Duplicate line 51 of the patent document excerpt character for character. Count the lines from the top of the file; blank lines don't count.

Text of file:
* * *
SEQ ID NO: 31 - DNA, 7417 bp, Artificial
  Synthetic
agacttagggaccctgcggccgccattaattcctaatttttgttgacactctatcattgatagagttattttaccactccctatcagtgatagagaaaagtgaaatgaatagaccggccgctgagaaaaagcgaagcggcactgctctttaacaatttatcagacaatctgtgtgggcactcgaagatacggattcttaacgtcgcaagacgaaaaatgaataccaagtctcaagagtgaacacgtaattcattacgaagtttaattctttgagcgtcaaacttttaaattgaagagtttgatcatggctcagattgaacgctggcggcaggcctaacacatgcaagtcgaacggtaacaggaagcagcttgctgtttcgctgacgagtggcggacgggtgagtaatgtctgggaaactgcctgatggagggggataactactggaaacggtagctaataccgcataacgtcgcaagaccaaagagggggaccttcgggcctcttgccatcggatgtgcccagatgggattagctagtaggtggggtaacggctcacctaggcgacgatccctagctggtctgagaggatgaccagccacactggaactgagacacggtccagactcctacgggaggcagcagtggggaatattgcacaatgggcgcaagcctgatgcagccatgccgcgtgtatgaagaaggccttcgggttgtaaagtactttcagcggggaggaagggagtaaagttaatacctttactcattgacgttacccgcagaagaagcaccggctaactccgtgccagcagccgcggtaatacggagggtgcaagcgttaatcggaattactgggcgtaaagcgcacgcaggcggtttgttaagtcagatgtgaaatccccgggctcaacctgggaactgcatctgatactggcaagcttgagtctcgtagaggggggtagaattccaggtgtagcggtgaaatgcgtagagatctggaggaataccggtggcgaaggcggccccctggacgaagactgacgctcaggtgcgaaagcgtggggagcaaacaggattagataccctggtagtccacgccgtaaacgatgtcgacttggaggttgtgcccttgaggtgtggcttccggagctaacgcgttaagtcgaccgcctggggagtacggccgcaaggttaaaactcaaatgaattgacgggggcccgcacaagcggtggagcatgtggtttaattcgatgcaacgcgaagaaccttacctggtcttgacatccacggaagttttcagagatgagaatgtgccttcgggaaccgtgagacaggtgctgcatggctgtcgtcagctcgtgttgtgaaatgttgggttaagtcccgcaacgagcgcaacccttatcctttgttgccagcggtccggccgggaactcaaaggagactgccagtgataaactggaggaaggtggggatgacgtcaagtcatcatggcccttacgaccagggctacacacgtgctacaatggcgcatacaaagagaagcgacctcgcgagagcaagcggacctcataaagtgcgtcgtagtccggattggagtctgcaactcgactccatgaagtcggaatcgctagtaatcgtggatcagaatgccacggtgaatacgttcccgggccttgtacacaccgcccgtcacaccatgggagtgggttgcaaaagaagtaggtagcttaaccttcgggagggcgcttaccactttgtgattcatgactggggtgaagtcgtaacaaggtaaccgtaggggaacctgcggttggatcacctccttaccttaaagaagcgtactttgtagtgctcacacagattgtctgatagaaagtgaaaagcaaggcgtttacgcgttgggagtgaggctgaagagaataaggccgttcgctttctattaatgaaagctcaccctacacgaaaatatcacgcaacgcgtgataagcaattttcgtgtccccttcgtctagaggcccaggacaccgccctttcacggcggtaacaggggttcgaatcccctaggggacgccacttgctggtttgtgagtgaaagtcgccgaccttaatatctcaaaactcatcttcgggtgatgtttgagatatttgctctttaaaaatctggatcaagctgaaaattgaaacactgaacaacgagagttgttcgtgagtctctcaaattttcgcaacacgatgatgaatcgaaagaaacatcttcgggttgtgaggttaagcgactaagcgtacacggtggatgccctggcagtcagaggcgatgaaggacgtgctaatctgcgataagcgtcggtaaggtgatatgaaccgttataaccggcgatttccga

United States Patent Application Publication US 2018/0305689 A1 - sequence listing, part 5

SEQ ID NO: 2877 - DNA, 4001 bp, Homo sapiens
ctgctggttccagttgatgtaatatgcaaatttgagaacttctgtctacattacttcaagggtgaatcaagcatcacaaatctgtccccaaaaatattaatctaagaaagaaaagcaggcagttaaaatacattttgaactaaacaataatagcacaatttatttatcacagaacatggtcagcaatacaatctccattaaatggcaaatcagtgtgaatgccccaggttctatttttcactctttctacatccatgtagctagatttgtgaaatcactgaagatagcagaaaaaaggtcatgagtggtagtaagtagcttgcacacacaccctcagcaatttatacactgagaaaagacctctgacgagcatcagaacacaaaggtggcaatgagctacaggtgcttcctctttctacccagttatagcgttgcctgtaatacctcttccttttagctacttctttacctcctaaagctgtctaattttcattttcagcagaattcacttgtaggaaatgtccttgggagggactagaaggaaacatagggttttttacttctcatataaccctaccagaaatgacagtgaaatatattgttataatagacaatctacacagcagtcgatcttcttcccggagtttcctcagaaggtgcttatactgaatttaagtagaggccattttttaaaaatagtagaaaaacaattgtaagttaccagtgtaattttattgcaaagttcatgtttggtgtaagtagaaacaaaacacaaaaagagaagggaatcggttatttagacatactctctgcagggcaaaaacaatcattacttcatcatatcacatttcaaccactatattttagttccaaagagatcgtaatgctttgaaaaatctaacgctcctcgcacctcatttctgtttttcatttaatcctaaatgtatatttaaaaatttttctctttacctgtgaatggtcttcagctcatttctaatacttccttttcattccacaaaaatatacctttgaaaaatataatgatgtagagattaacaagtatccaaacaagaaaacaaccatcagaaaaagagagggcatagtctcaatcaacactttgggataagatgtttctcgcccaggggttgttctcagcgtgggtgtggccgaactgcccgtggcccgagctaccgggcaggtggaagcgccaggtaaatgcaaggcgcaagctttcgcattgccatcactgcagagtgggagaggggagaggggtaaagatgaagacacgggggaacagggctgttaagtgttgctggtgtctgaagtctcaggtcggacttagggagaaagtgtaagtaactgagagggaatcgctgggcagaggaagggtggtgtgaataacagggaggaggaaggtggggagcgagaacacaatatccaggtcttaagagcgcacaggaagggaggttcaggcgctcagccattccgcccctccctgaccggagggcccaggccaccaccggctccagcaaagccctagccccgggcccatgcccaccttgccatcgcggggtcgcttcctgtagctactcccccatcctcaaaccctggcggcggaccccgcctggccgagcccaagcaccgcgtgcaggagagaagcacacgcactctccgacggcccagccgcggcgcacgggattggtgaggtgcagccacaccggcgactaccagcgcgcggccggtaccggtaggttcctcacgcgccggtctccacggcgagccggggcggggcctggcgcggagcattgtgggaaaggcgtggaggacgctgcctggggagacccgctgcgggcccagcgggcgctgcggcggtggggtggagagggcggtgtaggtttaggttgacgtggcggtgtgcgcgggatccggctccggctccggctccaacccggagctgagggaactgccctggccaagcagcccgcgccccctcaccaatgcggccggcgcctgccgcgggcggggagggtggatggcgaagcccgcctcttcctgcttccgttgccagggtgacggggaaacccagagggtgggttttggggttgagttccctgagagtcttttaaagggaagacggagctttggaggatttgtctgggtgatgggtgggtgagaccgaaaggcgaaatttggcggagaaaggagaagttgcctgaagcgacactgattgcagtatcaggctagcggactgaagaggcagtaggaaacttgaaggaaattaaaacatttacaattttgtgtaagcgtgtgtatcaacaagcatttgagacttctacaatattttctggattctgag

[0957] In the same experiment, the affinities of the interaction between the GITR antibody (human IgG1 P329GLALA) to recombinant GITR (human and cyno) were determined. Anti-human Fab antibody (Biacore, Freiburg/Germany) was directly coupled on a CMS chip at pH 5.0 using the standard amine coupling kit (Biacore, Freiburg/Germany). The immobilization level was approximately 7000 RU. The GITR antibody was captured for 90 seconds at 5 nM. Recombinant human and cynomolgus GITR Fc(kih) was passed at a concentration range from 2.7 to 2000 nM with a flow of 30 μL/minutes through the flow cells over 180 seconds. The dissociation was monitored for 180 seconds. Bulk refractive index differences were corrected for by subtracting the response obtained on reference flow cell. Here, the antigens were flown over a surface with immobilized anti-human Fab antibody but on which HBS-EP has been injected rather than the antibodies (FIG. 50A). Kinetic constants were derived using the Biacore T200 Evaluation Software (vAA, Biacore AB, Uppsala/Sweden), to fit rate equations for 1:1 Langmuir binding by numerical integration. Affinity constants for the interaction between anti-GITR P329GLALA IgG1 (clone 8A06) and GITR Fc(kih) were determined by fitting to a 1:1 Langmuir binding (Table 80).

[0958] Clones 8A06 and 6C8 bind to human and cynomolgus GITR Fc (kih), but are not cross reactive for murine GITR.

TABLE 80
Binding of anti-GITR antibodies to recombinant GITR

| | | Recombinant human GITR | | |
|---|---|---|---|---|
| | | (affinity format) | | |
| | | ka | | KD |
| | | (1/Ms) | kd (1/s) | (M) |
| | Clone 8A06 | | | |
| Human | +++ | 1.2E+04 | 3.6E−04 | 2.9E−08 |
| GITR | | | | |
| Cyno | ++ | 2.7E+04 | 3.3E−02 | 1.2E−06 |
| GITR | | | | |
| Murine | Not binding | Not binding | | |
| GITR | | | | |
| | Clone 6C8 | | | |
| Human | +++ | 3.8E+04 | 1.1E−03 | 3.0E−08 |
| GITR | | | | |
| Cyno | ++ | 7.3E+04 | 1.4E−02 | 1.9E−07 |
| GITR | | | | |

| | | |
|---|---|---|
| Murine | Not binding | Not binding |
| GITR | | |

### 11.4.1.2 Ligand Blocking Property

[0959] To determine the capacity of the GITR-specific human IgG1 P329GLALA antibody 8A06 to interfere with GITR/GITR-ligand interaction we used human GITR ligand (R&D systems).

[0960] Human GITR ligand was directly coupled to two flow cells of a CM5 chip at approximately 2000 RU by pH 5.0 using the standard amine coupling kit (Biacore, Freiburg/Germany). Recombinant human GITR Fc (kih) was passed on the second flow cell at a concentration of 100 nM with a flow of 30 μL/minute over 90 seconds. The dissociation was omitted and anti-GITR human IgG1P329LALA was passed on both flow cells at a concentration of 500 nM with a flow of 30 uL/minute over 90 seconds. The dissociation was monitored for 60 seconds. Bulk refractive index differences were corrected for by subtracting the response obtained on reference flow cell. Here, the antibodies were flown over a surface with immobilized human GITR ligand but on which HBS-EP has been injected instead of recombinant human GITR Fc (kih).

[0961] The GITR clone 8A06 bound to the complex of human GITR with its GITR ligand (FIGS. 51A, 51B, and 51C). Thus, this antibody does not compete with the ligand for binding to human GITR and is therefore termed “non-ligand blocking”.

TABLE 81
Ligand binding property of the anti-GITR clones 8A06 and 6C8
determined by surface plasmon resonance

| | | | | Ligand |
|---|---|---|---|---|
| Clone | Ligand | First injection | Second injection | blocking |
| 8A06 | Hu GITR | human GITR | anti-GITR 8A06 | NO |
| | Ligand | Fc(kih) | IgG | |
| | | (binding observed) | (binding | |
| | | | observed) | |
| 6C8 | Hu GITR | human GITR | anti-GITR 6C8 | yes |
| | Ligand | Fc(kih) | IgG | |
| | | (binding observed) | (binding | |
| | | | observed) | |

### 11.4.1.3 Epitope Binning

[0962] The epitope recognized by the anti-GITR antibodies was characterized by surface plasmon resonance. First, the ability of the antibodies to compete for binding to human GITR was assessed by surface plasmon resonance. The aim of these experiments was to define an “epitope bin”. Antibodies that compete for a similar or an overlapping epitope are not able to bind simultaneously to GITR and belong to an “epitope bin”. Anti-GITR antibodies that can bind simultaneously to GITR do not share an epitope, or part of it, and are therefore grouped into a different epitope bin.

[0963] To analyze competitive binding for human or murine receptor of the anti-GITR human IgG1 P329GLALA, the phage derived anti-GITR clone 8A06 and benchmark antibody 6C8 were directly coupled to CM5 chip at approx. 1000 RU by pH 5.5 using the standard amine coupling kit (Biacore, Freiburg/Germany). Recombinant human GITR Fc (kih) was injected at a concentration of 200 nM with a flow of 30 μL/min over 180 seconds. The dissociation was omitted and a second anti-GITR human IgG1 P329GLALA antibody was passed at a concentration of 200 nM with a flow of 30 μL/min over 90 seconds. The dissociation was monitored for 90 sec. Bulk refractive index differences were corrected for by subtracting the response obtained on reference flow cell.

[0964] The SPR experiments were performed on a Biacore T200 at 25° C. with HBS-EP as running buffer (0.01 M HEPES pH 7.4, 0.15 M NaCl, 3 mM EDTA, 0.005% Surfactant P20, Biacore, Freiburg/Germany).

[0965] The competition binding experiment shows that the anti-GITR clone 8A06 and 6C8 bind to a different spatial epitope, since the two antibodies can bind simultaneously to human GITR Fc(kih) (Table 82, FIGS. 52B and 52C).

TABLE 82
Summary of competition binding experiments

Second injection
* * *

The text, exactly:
[0962] The epitope recognized by the anti-GITR antibodies was characterized by surface plasmon resonance. First, the ability of the antibodies to compete for binding to human GITR was assessed by surface plasmon resonance. The aim of these experiments was to define an “epitope bin”. Antibodies that compete for a similar or an overlapping epitope are not able to bind simultaneously to GITR and belong to an “epitope bin”. Anti-GITR antibodies that can bind simultaneously to GITR do not share an epitope, or part of it, and are therefore grouped into a different epitope bin.